More than half of the workforce at Byron, the luxury hamburger chain, will join the army of hospitality workers this weekend who are being fired because of the COVID-19 crisis.
Sky News found that only 20 of Byron’s 51 restaurants will be transferred to its new owner, Calveton UK – with only 550 of its 1,200 employees being hired.
The deal, which was due to be concluded through a pre-packaged administration process on Friday afternoon, will be the latest example of the carnage being carried out in Britain’s restaurant sector.
Image: During the outbreak of COVID-19, most Byron personnel were compensated
Sources said Calveton, whose directors have experience as investors in networks like Caffe Nero, would own the majority of Byron’s new parent, with existing investors, Three Hills Capital Partners, with a minority stake.
KPMG, Byron’s manager, was on hold for several weeks after being appointed to find a buyer for the business.
Like other hospitality companies, Byron struggled to access financial support under the Treasury’s emergency lending schemes and was struck by confusion over reopening guidelines, the prospect of a second wave of the coronavirus pandemic and the restrictions imposed by social detachment.
In recent weeks, companies like Casual Dining Group, owner of Las Iguanas and Café Rouge, and owner of Bella Italia, Azzurri Group, have taken over management.
Others, including Prezzo, Wahaca, Wasabi and Pizza Hut Restaurants, have hired consultants to explore a company sale or voluntary agreement (CVA).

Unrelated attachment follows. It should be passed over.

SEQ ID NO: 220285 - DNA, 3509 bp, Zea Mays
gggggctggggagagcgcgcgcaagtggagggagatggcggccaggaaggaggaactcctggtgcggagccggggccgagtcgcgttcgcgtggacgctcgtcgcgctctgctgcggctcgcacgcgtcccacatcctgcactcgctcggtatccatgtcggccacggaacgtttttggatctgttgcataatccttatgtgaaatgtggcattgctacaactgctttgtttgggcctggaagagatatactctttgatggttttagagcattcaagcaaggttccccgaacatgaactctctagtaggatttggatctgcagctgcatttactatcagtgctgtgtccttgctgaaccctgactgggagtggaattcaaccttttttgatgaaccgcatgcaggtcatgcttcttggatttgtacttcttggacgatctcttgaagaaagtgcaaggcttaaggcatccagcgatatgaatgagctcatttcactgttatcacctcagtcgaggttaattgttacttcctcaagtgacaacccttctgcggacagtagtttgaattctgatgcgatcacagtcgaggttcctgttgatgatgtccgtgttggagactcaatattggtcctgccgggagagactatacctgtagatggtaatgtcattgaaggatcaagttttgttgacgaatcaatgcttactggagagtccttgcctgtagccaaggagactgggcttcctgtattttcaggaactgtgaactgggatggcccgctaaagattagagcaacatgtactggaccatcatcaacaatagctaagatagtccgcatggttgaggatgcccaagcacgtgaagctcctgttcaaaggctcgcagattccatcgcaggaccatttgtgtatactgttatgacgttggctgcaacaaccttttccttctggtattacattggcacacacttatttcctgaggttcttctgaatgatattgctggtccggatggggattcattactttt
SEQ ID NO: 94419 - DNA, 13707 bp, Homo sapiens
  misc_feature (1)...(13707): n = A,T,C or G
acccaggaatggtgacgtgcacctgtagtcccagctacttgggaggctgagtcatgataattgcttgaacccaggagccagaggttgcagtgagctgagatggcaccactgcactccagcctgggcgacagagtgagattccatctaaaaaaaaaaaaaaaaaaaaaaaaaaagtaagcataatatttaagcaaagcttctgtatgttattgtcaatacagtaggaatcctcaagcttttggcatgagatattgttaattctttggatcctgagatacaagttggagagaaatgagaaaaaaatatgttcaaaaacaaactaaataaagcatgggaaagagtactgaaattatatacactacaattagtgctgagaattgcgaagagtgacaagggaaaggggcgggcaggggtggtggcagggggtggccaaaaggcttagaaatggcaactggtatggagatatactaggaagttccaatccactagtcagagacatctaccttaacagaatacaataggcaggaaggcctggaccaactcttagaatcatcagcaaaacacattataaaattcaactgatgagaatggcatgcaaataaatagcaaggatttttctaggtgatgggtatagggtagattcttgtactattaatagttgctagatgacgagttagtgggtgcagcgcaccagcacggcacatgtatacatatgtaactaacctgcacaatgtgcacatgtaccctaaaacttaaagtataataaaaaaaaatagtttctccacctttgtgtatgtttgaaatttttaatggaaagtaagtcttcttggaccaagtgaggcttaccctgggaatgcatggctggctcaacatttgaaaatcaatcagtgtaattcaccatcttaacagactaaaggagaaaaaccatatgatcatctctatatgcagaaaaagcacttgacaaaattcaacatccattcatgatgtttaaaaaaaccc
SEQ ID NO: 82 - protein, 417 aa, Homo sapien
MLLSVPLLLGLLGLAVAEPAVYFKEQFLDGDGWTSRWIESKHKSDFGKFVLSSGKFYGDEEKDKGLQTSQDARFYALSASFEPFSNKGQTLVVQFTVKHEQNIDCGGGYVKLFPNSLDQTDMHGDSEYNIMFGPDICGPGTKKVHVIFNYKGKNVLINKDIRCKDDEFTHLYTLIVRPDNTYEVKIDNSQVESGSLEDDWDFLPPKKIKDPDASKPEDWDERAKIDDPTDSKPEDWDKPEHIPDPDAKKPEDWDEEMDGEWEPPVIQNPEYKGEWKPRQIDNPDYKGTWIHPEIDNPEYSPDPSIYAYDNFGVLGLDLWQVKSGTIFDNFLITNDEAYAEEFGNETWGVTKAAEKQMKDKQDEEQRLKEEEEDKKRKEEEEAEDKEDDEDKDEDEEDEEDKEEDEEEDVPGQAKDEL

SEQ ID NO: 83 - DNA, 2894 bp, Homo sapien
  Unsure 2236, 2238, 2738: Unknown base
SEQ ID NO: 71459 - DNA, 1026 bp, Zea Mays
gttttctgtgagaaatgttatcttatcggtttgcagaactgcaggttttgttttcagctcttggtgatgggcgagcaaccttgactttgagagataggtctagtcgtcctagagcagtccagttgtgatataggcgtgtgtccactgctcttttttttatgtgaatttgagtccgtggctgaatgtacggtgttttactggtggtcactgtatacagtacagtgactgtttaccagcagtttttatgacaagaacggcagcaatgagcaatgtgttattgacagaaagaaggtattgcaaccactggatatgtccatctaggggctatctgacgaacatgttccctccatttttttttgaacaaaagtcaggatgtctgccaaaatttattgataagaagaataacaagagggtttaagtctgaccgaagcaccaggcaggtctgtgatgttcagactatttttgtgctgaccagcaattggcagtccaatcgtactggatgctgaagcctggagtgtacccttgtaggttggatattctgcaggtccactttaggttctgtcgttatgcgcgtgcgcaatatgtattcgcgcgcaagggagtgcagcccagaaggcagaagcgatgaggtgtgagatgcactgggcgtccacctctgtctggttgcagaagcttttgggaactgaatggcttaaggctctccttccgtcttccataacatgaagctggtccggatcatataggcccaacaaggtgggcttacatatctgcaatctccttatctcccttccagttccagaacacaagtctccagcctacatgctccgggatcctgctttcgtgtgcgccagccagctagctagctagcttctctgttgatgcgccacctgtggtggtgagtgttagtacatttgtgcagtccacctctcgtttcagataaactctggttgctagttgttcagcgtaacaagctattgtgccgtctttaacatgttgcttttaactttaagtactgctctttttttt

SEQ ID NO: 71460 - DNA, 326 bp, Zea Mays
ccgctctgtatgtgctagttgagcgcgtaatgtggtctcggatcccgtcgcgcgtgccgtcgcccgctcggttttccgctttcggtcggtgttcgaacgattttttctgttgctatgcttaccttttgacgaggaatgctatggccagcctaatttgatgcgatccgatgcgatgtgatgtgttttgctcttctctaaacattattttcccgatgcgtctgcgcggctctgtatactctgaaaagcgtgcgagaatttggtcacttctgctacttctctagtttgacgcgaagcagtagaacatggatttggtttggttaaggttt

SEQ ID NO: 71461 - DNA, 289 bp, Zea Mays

Founded in 2007 with two locations, Byron was among many casual restaurant chains that expanded very aggressively and agreed to lease deals that, ultimately, they couldn’t afford.
The network’s profile was inadvertently boosted by photos of then-Chancellor George Osborne, eating one of his hamburgers the night before the 2013 comprehensive government spending review was delivered.
Its existing majority shareholder, Three Hills Capital Partners, helped ensure its survival in 2018, when it undertook a restructuring to settle its debts and near underperforming sites.
During the outbreak of COVID-19, most of its staff were submitted under the Coronavirus Job Retention Scheme.
Last year, the company posted sales of £ 70.9 million, with a gross profit of £ 31.6 million.
Sources said the pandemic occurred “at a frustrating time for Byron”, who was making progress on his recovery plan with Chief Executive Simon Wilkinson.
Wilkinson, former head of La Tasca, joined last year.
It is understood that he placed all hourly Byron employees on payment terms with a minimum hour to ensure that they were protected during the blockade.
Byron, Calveton and KPMG declined to comment.